5. The requirement to raise the age in paragraph 1 of the present article does not apply to schools operated by or under the control of the armed forces of the States parties, in keeping with articles 28 and 29 of the Convention on the Rights of the Child.

20. Regarding schools operated by or under the control of the armed forces, it should be noted that it is a requirement for entry into the military schools to have completed four years of secondary education (the final level of the 12 years of compulsory education) and to have reached the age of 18.

21. Under the national education regulations, primary education begins at the age of 6, and compulsory primary and secondary education lasts for 12 years, meaning that graduation from secondary education generally takes place at the age of 18. It is possible, albeit exceptional, that a student in the first year of studies at an armed forces school may initially be under the age of 18 if a child was accepted for primary education at the age of 5 and some months instead of 6.

22. The recruitment of children is not possible under the Chilean system, as only persons over 18 years of age can perform military service or enter armed forces schools.

23. In Chile, military instruction takes place only at armed forces schools. In this respect, it should also be mentioned that there are cases in Chile such as that of the Luís Cruz Martínez Military Preparatory Institute,[2] which has no administrative relationship with the Ministry of Defence. Like any other educational establishment, it is supervised by the Ministry of Education.[3]

24. The plans and curricula of this Institute are based on the decrees issued by the Ministry of Education, and take into account the educational reform for primary and secondary programmes. Its curriculum comprises two hours per week devoted to preparatory military training; this is compulsory, and basically includes aspects related to discipline and exercises such as formations, parades, salutes, ranks and emblems of the armed forces. There is no shooting practice or instruction in the use of weapons.

25. It is important to note that at military schools and military academies of higher learning of the Chilean armed forces, and also at the Joint Training Centre for Peacekeeping Operations, courses in human rights and humanitarian law, as appropriate, are included in the curriculum. The courses reflect the nature of the students at each institution.

26. As explained above, the armed forces schools generally have no students under the age of 18; for this reason, they are not concerned with matters of disciplinary measures in relation to criminal responsibility of young persons under that age, or with special judicial procedures for such persons. This notwithstanding, there are general standards which apply to respect for the dignity and rights of the individual in any procedure.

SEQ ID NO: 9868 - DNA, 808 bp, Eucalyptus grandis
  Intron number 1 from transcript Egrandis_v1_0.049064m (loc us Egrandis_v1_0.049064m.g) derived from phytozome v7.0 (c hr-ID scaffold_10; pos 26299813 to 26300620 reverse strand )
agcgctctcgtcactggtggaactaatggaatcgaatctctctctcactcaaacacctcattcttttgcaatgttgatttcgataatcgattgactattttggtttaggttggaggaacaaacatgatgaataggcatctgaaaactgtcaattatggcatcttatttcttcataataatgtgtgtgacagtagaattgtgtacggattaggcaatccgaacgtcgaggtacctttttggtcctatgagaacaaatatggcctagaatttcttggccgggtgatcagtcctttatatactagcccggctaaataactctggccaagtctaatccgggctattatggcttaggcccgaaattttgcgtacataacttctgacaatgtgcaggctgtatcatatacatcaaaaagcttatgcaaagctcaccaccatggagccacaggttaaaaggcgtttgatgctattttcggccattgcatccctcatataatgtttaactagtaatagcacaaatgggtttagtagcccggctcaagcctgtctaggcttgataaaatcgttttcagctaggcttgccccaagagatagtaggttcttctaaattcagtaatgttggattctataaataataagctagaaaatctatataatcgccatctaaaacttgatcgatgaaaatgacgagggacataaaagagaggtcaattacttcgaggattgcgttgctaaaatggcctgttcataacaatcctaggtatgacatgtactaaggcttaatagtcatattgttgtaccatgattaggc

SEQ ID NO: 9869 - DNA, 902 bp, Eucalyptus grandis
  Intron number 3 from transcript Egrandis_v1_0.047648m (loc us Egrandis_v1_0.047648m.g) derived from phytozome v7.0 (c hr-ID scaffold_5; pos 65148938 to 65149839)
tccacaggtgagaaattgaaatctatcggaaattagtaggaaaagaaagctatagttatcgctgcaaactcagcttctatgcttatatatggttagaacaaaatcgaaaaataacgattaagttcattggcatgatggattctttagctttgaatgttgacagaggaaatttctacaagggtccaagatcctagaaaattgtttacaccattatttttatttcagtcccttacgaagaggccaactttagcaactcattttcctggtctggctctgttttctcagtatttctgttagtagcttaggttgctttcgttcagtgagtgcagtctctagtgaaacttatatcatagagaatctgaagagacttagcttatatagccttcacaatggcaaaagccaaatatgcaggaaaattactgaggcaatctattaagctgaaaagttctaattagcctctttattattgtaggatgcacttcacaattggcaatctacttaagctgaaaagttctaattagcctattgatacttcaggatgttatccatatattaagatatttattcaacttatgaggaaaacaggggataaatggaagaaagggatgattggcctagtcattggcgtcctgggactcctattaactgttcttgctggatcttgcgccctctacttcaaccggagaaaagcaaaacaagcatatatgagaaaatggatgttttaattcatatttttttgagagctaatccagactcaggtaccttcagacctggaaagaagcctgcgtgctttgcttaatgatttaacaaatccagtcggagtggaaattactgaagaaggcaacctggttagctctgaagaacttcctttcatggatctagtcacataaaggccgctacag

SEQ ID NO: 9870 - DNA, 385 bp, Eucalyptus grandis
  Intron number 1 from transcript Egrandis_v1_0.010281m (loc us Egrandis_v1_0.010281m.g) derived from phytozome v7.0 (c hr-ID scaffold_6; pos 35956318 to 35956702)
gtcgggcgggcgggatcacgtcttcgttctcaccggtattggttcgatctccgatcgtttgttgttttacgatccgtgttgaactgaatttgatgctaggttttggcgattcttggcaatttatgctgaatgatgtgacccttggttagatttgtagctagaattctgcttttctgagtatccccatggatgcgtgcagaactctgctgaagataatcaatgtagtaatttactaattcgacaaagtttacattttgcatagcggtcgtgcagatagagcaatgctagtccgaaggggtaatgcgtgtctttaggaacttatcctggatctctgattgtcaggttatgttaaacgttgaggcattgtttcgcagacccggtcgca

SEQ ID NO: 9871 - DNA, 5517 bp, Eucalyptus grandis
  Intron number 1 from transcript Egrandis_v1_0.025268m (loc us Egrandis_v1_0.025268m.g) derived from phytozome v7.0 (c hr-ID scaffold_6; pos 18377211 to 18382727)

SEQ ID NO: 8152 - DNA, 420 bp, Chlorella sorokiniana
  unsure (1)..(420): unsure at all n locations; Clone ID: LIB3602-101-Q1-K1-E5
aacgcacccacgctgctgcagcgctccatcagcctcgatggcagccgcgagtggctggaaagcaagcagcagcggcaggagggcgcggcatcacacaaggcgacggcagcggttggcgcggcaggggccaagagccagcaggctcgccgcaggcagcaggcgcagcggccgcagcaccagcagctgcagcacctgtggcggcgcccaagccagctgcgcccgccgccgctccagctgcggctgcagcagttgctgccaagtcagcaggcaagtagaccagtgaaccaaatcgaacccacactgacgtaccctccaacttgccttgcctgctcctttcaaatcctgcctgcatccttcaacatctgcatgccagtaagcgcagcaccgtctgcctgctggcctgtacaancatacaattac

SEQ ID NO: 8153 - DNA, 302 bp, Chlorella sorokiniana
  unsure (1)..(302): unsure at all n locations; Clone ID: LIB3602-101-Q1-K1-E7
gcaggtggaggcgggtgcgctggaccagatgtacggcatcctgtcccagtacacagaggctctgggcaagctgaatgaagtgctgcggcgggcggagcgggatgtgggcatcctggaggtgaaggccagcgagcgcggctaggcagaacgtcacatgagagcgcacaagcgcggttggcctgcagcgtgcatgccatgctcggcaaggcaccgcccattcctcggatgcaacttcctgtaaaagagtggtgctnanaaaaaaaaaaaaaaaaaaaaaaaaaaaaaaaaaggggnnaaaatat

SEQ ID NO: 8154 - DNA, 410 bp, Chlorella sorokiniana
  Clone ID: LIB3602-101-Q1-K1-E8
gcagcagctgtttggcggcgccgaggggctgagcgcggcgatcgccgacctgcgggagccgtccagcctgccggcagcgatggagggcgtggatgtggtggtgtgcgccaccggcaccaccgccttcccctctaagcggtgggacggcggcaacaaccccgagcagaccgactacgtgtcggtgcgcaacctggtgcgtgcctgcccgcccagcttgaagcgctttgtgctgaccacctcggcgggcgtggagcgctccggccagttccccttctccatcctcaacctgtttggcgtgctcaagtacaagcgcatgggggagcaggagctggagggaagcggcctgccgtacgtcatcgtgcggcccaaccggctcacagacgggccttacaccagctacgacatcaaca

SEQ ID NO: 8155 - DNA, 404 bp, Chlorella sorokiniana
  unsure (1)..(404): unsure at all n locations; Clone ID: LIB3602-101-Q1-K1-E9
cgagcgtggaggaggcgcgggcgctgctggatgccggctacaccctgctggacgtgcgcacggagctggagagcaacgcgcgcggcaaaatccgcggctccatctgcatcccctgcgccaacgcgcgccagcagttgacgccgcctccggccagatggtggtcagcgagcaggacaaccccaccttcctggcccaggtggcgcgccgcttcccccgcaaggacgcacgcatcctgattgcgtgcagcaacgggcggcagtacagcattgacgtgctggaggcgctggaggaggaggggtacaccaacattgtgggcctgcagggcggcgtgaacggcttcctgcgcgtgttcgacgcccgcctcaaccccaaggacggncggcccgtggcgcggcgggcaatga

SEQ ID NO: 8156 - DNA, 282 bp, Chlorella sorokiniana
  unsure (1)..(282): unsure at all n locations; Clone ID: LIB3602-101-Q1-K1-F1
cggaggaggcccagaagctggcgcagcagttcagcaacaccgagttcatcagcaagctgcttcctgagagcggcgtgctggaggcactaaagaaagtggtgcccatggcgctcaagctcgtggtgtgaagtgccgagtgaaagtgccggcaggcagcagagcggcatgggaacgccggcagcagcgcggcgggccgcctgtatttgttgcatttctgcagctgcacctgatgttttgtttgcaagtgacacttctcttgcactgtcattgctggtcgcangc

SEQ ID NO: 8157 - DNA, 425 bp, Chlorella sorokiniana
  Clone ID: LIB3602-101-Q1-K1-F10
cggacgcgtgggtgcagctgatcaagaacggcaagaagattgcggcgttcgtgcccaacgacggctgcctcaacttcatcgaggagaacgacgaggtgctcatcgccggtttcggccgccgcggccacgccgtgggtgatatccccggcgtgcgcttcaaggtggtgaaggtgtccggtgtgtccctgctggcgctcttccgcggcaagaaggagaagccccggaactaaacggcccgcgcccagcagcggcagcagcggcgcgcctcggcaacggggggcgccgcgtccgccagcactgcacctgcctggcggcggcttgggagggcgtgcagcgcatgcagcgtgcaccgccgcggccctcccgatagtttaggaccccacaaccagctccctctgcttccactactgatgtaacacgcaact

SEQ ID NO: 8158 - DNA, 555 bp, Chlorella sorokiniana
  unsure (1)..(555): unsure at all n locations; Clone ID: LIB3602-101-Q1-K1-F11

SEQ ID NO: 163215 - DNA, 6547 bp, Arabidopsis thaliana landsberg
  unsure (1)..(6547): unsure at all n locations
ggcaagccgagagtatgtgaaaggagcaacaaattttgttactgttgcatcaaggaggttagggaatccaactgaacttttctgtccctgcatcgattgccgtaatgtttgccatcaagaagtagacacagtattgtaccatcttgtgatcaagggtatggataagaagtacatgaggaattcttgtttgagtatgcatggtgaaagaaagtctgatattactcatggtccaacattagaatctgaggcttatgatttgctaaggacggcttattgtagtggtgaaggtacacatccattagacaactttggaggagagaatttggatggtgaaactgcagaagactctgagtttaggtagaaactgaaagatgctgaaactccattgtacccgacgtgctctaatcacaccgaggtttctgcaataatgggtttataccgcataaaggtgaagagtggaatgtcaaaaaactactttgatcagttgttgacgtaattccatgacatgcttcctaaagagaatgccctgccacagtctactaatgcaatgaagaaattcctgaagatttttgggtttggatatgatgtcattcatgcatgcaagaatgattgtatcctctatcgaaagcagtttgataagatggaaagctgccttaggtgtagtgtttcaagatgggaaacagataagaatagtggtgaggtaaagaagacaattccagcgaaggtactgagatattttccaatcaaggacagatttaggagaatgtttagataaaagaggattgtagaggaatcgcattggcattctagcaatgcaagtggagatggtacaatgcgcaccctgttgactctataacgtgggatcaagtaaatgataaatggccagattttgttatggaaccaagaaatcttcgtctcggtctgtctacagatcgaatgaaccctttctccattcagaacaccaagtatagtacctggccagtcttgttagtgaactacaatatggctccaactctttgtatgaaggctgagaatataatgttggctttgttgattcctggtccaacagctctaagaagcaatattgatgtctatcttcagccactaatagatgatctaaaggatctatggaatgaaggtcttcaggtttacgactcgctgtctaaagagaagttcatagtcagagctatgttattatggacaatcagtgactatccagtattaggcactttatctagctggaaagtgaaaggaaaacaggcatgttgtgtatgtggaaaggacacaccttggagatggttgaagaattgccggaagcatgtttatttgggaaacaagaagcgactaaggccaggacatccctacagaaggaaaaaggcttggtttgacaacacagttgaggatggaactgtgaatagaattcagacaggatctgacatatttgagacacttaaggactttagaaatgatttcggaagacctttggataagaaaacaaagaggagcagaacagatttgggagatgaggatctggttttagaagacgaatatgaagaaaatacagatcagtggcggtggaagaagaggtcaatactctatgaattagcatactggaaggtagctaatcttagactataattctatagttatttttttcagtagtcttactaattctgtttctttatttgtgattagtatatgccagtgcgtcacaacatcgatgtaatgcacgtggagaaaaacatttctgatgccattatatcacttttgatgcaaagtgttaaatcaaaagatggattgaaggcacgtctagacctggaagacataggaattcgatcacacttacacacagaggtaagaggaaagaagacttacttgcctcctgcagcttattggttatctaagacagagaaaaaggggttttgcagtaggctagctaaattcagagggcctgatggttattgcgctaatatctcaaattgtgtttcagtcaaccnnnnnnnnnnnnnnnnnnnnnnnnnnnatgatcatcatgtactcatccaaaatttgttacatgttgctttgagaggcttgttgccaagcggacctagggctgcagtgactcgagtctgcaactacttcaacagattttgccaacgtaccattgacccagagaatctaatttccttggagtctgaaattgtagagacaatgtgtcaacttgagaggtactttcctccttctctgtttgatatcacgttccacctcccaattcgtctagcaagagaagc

27. Students at the schools are not members of the armed forces. Only certain provisions of the Staff Rules of the Armed Forces (DFL No. 1 of 1997) apply to them. The students always have the right to drop out, and every year there are cases of voluntary withdrawal owing to physical or academic demands, problems in adjusting to the boarding system or personal reasons.

28. As regards respect for the rights of the child as a victim and a witness in legal proceedings in the event of a conflict, the new criminal justice system, which is applicable in all circumstances, affords special protection in this area. It applies generally to persons who have attained their majority, and extends further protection to minors.

Article 4

1. Armed groups that are distinct from the armed forces of a State should not, under any circumstances, recruit or use in hostilities persons under the age of 18 years.
2. States parties shall take all feasible measures to prevent such recruitment and use, including the adoption of legal measures necessary to prohibit and criminalize such practices.
3. The application of the present article under this Protocol shall not affect the legal status of any party to an armed conflict.

29. Given the fact that there are no armed groups other than the armed forces in Chile, this article does not apply.

Article 6

1. Each State party shall take all necessary legal, administrative and other measures to ensure the effective implementation and enforcement of the provisions of this Protocol within its jurisdiction.
2. States parties undertake to make the principles and provisions of the present Protocol widely known and promoted by appropriate means, to adults and children alike.

30. This report will be disseminated to the public through the web pages of institutions, and will be circulated directly to the NGOs that assisted in drafting it.

3. States parties shall take all feasible measures to ensure that persons within their jurisdiction recruited or used in hostilities contrary to this Protocol are demobilized or otherwise released from service. States parties shall, when necessary, accord to these persons all appropriate assistance for their physical and psychological recovery and their social reintegration.

31. This does not apply to the situation in Chile.


[*] In accordance with the information transmitted to States parties regarding the processing of their reports, the present document was not formally edited before being sent to the United Nations translation services.

[2] Authorized by National Defence Ministry Decree No. 180 of 14 April 1971. “The Luís Cruz Martínez Institute in Talagante is hereby authorized to give preparatory military instruction, supplementing the provisions of section 2 of Supreme Decree No. 859 DE dated 15 December 1970, regarding minors pursuing secondary studies unrelated to military training.”

[3] Exempt resolution No. 4244 of 21 October 2002 establishes that the characteristics of the “Sub-lieutenant Luís Cruz Martínez Institute” private college in Talagante, RBD No. 10715-8, correspond to those of a mixed, subsidized day school with co-financing, which provides education from the sixth year of primary school to the fourth year of secondary school.